Oliver Wendell HolmesOliver Wendell Holmes was the name of two prominent men, father and son. The elder was a poet and essayist, the younger a judge of the United States Supreme Court. While the younger might be referred to as Oliver Wendell Holmes Jr. or Oliver Wendell Holmes II, in practice they are both commonly known simply as Oliver Wendell Holmes, as their prominence was in separate fields.
Oliver Wendell Holmes the elder, (August 29, 1809 - October 8,1894) was a physician by profession but achieved fame as a writer; he was one of the best regarded American poets of the 19th century.
He was born in Cambridge, Massachusetts, the son of a minister. He was educated at Phillips Academy in Andover, Massachusetts and at Harvard University. He first attained national prominence with his poem Old Ironsides about the 18th century battleship USS Constitution which was to be broken up for scrap; the poem generated public sentiment that resulted in the historic ship being preserved as a monument.
He went to Paris for three years to study medicine, then returned to get his doctorate at Harvard in 1836, the same year the first book of his verse was published. He then became a professor of anatomy and physiology at Dartmouth University.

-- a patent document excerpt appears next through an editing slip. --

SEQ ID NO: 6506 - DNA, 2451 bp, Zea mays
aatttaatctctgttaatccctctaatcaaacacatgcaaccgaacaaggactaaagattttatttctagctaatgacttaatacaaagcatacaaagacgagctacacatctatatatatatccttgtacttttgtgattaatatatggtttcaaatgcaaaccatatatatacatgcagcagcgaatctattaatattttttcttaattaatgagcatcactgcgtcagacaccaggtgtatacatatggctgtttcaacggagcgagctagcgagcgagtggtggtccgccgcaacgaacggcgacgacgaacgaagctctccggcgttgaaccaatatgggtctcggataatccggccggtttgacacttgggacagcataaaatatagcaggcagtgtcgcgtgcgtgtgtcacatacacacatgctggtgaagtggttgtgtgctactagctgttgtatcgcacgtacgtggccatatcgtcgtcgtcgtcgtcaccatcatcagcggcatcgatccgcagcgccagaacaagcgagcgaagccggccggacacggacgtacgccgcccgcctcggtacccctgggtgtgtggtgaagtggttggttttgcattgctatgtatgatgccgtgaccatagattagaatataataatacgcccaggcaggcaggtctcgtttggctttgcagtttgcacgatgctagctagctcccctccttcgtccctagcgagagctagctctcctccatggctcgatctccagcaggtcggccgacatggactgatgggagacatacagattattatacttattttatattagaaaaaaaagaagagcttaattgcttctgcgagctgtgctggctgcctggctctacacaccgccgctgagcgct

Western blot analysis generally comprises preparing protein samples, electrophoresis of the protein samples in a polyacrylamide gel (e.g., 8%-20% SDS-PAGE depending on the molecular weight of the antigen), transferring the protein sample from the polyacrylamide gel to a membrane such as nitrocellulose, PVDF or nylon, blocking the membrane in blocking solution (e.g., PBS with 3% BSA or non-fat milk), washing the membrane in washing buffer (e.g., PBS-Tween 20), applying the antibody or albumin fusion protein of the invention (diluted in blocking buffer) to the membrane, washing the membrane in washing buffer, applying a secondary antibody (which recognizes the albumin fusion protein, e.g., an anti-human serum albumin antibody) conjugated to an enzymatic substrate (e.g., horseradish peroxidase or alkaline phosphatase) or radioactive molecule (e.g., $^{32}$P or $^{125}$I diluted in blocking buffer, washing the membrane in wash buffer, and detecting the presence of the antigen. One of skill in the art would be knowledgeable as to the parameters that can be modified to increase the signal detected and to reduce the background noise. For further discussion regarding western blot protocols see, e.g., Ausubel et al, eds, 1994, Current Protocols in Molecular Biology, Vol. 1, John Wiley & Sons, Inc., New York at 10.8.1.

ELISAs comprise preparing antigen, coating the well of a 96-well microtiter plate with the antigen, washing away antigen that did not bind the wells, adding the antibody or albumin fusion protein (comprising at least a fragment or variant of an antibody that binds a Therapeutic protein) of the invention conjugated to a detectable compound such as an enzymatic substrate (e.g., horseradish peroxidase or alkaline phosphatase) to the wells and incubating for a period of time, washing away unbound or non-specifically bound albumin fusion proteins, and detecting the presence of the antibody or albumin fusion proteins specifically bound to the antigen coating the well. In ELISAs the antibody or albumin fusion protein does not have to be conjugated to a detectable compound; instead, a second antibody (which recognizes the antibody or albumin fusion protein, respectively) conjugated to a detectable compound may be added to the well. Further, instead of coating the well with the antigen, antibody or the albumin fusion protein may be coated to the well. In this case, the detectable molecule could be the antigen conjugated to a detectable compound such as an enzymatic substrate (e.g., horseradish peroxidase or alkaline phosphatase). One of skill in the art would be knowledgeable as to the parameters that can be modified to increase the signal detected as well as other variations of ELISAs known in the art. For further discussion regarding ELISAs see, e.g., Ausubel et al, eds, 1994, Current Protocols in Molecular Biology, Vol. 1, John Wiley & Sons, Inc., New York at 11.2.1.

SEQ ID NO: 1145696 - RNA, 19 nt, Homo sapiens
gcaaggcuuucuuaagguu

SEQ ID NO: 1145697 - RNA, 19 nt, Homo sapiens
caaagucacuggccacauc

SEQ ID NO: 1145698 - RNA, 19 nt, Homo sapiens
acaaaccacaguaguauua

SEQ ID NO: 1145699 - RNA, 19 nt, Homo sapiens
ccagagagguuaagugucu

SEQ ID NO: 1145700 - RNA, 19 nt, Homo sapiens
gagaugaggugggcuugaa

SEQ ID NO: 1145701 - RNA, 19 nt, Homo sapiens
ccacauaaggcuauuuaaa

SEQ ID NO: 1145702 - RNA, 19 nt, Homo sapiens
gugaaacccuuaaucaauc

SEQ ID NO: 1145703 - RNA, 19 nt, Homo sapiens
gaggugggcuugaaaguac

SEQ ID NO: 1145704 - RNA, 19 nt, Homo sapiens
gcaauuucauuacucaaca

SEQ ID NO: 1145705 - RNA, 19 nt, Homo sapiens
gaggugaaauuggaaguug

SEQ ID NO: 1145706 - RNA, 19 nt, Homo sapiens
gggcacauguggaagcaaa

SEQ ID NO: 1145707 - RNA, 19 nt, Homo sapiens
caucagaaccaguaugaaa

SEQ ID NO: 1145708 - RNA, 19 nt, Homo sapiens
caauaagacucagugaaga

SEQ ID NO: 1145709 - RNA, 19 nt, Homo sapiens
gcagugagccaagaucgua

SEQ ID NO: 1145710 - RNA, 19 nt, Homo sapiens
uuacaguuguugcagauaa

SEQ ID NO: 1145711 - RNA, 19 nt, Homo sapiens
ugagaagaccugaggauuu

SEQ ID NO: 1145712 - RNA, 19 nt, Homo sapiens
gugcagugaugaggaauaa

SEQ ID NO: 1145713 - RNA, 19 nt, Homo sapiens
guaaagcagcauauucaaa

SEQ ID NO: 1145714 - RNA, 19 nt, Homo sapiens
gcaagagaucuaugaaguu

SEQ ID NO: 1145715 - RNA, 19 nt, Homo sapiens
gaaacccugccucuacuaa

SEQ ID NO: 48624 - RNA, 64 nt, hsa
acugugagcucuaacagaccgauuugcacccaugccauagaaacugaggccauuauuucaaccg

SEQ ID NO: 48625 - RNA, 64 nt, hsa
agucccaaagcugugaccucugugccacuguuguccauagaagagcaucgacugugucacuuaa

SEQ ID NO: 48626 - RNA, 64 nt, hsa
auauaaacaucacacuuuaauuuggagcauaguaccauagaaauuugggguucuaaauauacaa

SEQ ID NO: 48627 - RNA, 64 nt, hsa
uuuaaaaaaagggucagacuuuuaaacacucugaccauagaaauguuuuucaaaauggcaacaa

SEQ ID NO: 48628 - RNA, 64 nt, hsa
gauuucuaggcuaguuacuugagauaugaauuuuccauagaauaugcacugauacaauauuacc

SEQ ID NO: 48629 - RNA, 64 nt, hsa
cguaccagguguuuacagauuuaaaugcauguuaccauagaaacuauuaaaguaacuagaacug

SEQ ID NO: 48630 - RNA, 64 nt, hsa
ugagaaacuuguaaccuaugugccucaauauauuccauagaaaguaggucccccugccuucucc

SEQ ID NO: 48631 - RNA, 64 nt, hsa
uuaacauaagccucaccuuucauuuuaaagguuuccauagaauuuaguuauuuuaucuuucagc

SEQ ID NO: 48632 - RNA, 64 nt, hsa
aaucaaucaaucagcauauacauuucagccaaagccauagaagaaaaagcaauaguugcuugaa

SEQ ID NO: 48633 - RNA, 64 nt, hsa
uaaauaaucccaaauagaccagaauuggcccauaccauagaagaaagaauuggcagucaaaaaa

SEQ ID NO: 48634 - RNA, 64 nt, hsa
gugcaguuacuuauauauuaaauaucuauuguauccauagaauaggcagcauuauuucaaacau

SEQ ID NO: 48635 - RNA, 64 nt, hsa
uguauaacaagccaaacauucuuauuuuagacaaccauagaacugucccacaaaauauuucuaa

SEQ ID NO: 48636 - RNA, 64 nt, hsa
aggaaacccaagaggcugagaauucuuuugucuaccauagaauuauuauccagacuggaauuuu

He was a contributor of essays and poems to the Atlantic Monthly from its inception, and also published novels.
Holmes died in Boston, Massachusetts.
Oliver Wendell Holmes the younger, (March 8, 1841 - March 6, 1935) was a jurist noted for his progressive decisions, often contrary to that of other judges of his time. He was called The Great Dissenter.
Holmes was born in Boston, the son of the prominent writer and physician of the same name. He graduated from Harvard in 1861 and then joined the United States Army in the American Civil War. He saw much action, and suffered wounds at the Battle of Ball's Bluff, Antietam and the Second Battle of Fredricksburg. He was mustered out in 1864 as a brevet lieutenant-colonel.
In 1870 he became editor of the American Law Review. In 1881 he published the first edition of his well regarded book The Common Law. In 1882 he became both a professor at Harvard Law School and a justice of the Massachusetts Supreme Judicial Court. In 1899 he was appointed chief justice of the state court. He became known for his innovative, well reasoned decisions, balancing property rights with human rights, with the latter taking precedence over the former. He was one of the first to recognize workers' right to organize trade unions as long as no violence or coercion was involved, contrary to some earlier decisions by others who had argued that organized labor was by nature illegal.
In 1902 he was appointed to the United States Supreme Court, where he was known for his liberal opinions. (His decision in Buck v. Bell, 274 U.S. 200 (1927), where he justified mandatory sterilization of the retarded with the words "[t]hree generations of imbeciles are enough," is a notable exception.) He served until January 12, 1932, when his fellow brethren on the court, citing his advanced age (Holmes, at 90, was the oldest serving justice in the Court's history), hesitantly requested that he step down, which he complied with. He died in Washington, D.C in 1935.